The US: living in a lower population growth environment

The 2000s were the slowest decade of population growth in the US since the Great Depression. The first set of state population counts for 2011 revealed that there has been no change to this trend. The US experienced the lowest annual population growth rate in 2010-11 since 1945.

William H. Frey concludes that the weak labour market in the US appears to have slowed down immigration to the US and to have led to a decline in birth rates. What is more, the baby boomers have passed their prime years for childbearing, affecting the natural increase of population. He has also observed a slow down of internal migration within the US as a consequence of fewer job opportunities across the country. Furthermore, the housing sector in the US is still under water. It remains difficult for a large share of the population to sell houses and raise capital. That makes it unaffordable for many Americans to pursue job opportunities elsewhere in the country.

What could follow economically from this demographic trend? Lower population growth will lead to an increase in the dependency ratio. More people will live on state pensions, and government spending on health care will increase. At the same time fewer workers will pay taxes and, consequently, negatively affect government revenues. The talent pool of skilled workers will shrink which might decrease economic competitiveness. Companies might have to pay higher wages due to lesser competition in the labour market. In the end, it could incentivise companies to look into outsourcing production or relocating business, which would also decrease government revenues.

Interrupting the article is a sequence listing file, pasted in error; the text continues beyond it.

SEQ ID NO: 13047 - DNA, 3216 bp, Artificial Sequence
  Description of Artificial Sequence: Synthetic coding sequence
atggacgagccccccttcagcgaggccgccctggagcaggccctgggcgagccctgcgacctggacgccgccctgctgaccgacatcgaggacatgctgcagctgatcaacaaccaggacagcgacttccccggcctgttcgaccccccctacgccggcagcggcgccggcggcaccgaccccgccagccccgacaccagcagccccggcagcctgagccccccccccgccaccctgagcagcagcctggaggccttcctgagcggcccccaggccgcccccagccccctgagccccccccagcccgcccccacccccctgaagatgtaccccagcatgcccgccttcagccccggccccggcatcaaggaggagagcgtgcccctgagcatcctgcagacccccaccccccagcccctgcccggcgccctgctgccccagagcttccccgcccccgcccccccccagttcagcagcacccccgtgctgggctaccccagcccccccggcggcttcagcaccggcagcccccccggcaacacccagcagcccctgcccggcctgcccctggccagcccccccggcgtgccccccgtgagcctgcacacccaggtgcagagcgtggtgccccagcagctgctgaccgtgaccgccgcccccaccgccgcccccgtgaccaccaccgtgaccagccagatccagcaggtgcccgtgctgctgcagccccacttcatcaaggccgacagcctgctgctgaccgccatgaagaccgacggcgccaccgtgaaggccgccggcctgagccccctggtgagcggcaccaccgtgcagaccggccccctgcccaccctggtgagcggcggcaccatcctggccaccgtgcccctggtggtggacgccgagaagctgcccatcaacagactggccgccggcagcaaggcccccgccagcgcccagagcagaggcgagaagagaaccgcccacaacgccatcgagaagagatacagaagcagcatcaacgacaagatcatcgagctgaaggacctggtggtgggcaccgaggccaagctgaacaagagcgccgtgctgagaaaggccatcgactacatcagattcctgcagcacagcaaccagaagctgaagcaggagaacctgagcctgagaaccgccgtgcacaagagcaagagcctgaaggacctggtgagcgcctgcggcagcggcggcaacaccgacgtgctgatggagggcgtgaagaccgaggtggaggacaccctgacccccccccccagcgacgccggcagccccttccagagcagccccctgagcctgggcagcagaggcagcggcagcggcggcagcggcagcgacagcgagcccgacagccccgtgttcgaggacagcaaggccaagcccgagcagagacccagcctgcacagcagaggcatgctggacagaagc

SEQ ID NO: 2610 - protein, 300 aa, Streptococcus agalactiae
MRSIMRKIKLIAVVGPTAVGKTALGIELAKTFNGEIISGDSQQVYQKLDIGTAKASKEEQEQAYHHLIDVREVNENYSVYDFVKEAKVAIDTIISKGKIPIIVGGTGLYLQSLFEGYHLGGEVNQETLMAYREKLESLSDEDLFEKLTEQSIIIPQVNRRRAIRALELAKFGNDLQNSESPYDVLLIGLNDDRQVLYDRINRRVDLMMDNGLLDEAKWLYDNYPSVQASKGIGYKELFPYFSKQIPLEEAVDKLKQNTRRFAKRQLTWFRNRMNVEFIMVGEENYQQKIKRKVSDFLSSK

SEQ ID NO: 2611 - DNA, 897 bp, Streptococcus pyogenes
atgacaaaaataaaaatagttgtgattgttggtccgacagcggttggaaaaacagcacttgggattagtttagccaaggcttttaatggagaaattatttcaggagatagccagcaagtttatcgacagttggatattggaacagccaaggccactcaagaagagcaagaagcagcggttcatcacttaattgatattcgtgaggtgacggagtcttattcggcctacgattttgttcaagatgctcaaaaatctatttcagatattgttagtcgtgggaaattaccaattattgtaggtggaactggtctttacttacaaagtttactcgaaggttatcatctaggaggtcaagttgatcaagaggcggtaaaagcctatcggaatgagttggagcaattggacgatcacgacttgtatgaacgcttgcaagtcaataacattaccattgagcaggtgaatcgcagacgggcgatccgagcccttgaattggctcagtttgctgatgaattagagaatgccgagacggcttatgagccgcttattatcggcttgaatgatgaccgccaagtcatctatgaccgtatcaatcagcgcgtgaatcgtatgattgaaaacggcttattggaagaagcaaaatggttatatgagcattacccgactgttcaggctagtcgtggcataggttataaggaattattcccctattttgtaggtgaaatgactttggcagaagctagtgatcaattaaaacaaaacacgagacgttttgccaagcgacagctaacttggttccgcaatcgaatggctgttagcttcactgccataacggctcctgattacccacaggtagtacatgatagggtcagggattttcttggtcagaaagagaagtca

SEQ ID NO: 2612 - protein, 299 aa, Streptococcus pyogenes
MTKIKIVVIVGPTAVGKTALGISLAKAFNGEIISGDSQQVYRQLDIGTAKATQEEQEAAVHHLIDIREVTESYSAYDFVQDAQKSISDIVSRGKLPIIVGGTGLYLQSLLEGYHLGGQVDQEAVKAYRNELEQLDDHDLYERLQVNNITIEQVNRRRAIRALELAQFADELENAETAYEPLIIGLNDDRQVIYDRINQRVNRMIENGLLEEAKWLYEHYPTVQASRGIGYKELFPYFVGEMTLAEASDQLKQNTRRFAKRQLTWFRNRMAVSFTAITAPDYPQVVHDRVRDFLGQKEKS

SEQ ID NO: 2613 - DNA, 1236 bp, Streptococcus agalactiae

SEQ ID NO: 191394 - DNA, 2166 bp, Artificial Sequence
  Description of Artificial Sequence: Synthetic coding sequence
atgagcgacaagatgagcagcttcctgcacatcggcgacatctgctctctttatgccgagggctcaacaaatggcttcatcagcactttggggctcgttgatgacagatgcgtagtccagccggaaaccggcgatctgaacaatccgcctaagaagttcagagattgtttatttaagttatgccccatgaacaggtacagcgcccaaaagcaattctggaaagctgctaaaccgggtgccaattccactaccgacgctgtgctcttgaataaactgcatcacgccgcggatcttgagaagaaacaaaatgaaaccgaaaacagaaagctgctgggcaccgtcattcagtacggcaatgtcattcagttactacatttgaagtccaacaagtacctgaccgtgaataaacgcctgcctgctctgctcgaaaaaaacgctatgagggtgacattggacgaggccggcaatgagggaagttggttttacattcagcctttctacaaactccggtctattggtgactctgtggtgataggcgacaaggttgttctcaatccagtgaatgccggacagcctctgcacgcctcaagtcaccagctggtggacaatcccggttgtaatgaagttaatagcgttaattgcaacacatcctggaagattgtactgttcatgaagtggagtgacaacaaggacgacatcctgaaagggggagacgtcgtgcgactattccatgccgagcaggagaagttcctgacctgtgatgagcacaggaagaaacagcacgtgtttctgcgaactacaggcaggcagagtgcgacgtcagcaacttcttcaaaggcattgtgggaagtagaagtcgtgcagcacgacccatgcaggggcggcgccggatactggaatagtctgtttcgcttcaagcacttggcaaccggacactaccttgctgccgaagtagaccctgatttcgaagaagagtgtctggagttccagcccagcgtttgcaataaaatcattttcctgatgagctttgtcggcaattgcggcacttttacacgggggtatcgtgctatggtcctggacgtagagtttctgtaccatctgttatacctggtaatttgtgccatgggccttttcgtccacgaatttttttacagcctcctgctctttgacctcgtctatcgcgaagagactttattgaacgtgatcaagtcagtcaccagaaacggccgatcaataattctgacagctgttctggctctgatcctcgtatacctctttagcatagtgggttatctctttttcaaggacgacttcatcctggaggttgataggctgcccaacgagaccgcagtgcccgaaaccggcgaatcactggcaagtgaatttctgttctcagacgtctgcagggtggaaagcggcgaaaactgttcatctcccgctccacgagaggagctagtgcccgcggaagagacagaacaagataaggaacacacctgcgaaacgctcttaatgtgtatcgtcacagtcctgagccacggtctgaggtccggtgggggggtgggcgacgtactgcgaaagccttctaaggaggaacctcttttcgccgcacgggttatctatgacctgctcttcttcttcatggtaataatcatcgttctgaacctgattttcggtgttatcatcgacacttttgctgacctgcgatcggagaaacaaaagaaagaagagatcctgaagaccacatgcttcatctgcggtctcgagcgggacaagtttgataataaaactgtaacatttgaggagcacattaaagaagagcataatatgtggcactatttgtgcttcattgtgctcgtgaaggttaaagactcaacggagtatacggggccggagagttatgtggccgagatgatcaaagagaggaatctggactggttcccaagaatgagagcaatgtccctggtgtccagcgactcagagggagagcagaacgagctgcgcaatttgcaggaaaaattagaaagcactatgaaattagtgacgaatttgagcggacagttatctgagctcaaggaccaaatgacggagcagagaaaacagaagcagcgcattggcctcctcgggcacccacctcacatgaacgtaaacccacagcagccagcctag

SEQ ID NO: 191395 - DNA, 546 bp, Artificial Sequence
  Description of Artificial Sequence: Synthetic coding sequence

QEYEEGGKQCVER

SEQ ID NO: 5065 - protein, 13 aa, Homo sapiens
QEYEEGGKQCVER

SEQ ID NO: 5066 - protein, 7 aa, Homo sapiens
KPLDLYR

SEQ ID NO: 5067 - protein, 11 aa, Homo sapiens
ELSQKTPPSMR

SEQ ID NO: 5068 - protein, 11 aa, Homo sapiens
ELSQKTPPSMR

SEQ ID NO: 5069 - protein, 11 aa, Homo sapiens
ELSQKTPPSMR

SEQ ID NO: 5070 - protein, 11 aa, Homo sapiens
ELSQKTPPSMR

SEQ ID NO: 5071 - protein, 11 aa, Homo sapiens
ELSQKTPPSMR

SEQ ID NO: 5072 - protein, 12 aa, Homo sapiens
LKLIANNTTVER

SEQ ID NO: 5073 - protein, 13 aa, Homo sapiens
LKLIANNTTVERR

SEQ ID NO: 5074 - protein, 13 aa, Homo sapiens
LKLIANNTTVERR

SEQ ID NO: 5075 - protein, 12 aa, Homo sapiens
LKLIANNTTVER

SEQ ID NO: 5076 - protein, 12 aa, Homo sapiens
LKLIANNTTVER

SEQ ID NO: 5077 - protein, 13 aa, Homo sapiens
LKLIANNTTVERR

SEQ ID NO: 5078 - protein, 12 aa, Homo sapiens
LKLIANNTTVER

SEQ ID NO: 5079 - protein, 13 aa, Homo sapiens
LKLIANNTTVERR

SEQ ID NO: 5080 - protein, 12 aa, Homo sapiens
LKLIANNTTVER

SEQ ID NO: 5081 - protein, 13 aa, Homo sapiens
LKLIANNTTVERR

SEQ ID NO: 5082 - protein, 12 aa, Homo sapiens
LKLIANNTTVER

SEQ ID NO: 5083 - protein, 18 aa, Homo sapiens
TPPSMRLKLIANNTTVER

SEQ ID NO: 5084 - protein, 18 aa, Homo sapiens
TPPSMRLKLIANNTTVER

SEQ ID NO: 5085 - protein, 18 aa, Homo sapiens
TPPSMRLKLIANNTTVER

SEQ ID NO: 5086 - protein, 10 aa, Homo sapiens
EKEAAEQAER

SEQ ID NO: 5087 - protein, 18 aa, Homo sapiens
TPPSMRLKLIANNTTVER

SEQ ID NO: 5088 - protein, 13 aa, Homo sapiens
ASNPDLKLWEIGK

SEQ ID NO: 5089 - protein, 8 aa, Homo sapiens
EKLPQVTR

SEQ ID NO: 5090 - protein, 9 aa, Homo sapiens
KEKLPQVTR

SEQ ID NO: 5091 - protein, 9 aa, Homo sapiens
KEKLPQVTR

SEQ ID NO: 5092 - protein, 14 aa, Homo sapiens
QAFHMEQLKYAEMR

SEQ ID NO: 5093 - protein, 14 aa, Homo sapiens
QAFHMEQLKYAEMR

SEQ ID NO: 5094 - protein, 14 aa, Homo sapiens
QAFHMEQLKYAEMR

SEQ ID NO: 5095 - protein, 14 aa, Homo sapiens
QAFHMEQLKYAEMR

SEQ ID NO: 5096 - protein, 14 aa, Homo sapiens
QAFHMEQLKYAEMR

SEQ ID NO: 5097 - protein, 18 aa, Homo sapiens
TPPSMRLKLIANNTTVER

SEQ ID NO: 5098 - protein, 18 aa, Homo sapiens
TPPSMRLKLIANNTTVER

It is fair to say though that this demographic trend of lower population growth might turn out to be only a relatively short episode in US history, just like after the Great Depression. The US economy might also prove to be able to maintain its high level of competitiveness and to continue to sufficiently attract talent as well as to improve productivity.

If not, government spending and/or tax benefits might need to be increased to support the economy and to maintain the current standard of living. Costs for social security and healthcare will inflate significantly at the same time. The negative impact on the US debt dynamics is striking. According to an estimate from 2007 that was available to us, mandatory spending composed of contributions to Medicare, Medicaid and social security as well interest payments will exceed government revenues between 2030 and 2040. This estimate stems from a time before the financial and sovereign debt crises corrupted US politics as well as the economic prospects of many US citizens.

What we also have to bear in mind is that potential GDP growth is traditionally considered being a function of population growth and productivity growth. I leave it open for debate how likely it is that future productivity growth will offset the lower population growth. In a gloomy scenario, lower population growth could prove to be not only the consequence of economic struggle, but also its future catalyst.

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